â€œPart 4â€ opens in a similar way to how Bloodline‘s pilot closes, as a boat filled with immigrants and Â cargo is devoured by flames, all while three Spanish-speaking characters talk about losing the Coast Guardâ€™s tail. It is plenty clear that the immigrants being transported and, ultimately, killed had made it into the country illegally, and that the coyotes had to, for some reason, get rid of them. It is also easy to assume that Juanita Doe was on that boat. As dramatic as the case John is working on is, at this point, the crime is not Bloodline‘s strongest element; however, since the gasoline employed to set the ship on fire is linked to Eric Oâ€™Bannon and Danny, the connection between the dots has some potential plot development that could make the arc gain some traction.
In the meantime, on the family drama front, Danny is proving everyone wrong by excelling at his job helping with the business. He has been dedicated, responsible, and is liked by the customers, whom he engages with grace and charisma. Additionally, by restoring the old Chevy, he has scored points with Kevin, with whom he is even bonding. As a result, both Mama Ray and Kev tell Robert that he is earning a second chance, which is seconded by Meg at the hospital. In her case, however, it is hard to discern if she is trying to help her brother or is avoiding Marco knowing about her affair.
Nothing particularly big takes place in this episode, which is driven mostly by Robertâ€™s flashbacks of his dead daughter, Sarah, who he canâ€™t still let go of, even though everyone else seems to have moved on. With memories of the past filling his mind, Robert flat out tells Danny that he wants him gone. For good this time. He claims that trouble follows his eldest son, and that his absence is in everybodyâ€™s best interest, which is partially true. It is palpable that despite Dannyâ€™s efforts and most of the family being more open to welcome him to the fold, Robert canâ€™t forgive him for whatever part he had in his daughterâ€™s passing. Some relationships canâ€™t be fixed and donâ€™t work broken.
At the sight of a check given to him by his father in exchange for his exile, Danny first looks disappointed, and it is heartbreaking. He questions Papa Ray about deserving another shot. “Iâ€™m your son,” he reminds him, with no success. His plea rings genuine and heartfelt, but then, in a nanosecond, the black sheep of the family turns exactly into the villain everyone thinks him to be and declares that father and son are in a negotiation. He dares Robert by announcing that â€œthe price is not right” and asks him to sit at the table until it is. The patriarch, half-defeated but still holding on to some sort of dignity, blatantly tells Danny to give him his price in the morning. He will wire the money to him. The scene was pure emotional chess; every move was brilliant, exiting, and devastating. Mendelssohn and Shepard made me switch teams over twenty times.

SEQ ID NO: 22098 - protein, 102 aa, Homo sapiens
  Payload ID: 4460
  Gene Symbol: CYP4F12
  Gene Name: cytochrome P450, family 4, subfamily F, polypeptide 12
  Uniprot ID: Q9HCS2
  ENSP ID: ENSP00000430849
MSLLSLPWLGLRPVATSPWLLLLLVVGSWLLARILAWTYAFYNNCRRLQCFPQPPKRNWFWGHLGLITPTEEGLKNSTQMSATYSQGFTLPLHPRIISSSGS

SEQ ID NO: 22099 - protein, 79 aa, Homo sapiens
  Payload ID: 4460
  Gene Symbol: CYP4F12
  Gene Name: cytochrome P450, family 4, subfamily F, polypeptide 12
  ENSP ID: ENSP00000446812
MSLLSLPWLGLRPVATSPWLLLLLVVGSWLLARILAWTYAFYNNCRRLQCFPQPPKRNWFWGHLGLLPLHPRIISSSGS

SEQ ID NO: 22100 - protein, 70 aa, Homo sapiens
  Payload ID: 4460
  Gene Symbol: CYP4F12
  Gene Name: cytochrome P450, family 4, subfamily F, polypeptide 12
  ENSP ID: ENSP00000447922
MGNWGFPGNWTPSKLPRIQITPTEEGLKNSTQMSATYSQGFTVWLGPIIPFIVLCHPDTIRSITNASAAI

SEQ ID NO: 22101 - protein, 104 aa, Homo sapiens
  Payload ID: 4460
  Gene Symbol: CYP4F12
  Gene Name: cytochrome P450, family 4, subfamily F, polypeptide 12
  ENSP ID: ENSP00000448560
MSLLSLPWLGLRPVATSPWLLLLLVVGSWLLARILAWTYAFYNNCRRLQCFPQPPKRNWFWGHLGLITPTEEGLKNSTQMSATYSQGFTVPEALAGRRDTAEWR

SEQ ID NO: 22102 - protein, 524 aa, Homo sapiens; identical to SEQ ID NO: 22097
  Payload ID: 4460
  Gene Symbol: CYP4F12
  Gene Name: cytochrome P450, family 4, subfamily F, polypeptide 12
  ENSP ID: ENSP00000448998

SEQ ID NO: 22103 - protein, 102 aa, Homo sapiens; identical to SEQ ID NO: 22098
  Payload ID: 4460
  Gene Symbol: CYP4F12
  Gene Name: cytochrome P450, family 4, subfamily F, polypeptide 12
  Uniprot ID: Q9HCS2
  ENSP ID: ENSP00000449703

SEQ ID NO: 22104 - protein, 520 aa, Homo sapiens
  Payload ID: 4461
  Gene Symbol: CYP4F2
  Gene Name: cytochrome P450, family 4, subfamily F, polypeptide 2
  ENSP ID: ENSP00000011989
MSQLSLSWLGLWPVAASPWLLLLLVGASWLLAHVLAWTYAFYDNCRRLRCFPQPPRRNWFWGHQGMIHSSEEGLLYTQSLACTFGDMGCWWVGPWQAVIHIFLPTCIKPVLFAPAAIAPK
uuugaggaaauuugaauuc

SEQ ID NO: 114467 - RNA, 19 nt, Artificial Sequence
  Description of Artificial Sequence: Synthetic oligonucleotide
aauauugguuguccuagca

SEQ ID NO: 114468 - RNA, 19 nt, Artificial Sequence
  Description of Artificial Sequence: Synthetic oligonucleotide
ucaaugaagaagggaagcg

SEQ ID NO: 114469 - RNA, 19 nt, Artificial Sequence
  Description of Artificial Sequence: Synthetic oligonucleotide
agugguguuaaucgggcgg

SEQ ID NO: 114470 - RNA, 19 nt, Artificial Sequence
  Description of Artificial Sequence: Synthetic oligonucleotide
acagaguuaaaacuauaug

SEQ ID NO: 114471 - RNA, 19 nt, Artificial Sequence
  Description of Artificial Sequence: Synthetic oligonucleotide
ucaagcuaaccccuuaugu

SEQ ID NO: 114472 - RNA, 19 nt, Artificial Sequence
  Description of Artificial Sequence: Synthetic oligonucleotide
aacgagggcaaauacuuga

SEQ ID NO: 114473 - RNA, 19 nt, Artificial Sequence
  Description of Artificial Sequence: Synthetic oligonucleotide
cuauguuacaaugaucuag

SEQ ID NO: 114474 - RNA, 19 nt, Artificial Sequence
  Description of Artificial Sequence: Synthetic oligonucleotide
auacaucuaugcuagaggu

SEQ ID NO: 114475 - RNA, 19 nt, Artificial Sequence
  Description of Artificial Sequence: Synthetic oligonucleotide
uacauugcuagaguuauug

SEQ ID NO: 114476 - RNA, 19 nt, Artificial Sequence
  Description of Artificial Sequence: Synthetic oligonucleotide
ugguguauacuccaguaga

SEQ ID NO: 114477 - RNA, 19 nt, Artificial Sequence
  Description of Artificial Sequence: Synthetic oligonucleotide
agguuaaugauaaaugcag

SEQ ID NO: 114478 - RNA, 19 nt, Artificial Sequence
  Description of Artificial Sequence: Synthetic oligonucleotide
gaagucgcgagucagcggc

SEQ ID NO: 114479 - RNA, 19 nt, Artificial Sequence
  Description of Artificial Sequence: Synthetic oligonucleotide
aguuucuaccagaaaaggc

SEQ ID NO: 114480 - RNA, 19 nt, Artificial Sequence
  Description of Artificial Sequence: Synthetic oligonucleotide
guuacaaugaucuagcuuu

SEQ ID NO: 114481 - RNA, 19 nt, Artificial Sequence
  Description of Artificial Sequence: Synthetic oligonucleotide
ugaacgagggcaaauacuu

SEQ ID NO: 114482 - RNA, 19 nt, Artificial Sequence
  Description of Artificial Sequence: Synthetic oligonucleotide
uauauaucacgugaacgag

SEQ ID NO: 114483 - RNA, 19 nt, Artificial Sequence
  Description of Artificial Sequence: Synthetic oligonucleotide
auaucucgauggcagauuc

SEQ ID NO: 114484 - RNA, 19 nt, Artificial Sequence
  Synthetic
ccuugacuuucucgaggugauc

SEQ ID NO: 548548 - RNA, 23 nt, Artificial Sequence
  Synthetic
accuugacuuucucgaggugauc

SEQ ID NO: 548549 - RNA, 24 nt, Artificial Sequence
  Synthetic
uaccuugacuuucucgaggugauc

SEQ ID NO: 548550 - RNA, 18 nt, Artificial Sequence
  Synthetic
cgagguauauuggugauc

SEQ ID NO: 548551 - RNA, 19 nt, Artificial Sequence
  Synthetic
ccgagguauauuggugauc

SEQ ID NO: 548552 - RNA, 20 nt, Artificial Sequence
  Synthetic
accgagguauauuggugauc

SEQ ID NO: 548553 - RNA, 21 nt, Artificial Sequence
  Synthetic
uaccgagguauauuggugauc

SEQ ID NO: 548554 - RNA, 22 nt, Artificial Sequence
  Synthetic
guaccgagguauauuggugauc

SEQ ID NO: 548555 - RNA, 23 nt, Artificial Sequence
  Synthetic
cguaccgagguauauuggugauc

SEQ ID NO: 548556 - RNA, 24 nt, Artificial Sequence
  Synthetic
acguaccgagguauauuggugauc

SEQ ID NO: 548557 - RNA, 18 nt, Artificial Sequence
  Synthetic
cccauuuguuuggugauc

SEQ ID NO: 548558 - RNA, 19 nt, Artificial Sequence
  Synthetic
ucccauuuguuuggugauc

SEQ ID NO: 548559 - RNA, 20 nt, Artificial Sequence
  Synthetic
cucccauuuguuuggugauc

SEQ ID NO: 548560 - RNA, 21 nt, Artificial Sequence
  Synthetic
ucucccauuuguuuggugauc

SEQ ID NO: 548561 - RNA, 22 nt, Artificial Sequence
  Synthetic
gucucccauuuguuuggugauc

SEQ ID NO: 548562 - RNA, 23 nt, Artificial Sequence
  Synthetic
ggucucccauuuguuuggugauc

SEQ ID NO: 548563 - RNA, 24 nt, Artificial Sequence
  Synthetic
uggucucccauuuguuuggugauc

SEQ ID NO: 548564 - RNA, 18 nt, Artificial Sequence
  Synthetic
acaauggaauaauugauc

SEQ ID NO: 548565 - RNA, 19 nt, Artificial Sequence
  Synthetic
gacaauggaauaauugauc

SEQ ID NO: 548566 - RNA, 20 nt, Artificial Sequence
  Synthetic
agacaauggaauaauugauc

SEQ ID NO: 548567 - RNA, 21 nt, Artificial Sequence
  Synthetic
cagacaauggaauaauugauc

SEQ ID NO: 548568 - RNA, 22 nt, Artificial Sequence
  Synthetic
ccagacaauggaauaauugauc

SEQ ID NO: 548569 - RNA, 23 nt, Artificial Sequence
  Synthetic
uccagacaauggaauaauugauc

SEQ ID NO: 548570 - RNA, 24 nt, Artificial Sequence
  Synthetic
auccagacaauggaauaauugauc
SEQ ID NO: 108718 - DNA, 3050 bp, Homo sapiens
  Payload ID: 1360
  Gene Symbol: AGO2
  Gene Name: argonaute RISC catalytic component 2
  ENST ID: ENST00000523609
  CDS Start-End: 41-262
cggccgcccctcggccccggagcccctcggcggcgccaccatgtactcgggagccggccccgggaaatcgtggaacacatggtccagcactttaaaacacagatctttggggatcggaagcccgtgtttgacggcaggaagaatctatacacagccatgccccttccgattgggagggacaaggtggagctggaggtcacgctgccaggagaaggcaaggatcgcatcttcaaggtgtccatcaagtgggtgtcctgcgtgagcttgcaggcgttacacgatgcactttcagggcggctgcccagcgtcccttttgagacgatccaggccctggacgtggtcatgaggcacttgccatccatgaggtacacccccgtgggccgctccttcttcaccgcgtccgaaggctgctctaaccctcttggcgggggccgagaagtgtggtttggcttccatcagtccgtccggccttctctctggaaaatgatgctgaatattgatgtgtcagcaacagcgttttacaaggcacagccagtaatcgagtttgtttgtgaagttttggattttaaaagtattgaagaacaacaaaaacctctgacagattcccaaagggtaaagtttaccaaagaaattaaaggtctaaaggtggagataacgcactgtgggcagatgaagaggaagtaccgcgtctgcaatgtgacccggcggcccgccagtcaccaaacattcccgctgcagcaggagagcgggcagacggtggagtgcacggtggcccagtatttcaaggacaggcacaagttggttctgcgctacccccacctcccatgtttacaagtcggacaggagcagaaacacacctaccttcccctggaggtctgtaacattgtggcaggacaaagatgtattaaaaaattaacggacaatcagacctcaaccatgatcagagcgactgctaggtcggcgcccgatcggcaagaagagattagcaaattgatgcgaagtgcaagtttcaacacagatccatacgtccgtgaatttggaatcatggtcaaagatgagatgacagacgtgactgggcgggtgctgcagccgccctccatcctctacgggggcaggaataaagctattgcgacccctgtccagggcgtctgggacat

While the men where exuding testosterone by engaging in different activities (crime solving, working at the marina, fixing the truck, watching baseball, etc.) the women of Bloodline decide to have a girls’ afternoon, which, for the most part, acts like a filler, except for a brief moment where Meg tells Belle, Kevinâ€™s wife, that she knows about her miscarriage. As fun as the women drinking together and chitchatting, was, the episode could have done without the interaction.
“Part 4″ does not delve into Megâ€™s feelings after Danny was brutal to her in â€œPart 3.” Additionally,Â her affair continues, sans the motel, and there is a small chance that the relationship between her and Alec could develop into something more serious, since one of his lawyers offered her a job in New York, which sounds like a very unlikely event to occur but not impossible at all. At the same time, I could picture Meg going all Elle Parsons, and Linda Cardellini definitely could pull that challenge off. A part of me wishes that she accepts the position so she is free from her dead sisterâ€™s shadow; the other part of me wants her to never leave the Keys so that geography doesnâ€™t keep her away from the main plot.
All in all, the fourth installment of Bloodline was an hour well-spent. It was the slowest hour the show has offered and one where information was more scarce than in the previous episodes. However, the push and pull between being “Team Danny” or not is still gripping enough, not to mention that the acting from the entireÂ BloodlineÂ castÂ keeps being impressive and nuanced.
– Bloodline takes a break from the flash-forwards and voice-overs in this episode, which worked because it emphasized the weight on Robertâ€™s flashbacks, which, by the way, were shot beautifully.
– John apologized to his father for letting Danny believe it was him who made the call to cast him away. Kyle Chandler sounded like a teenaged boy while talking to his father. There was so much guilt and shame inside of him that he seemed to go back in time. His whole posture was still reflective of a younger person who has just gotten in trouble.Â Impeccable.
[Photo via Netflix]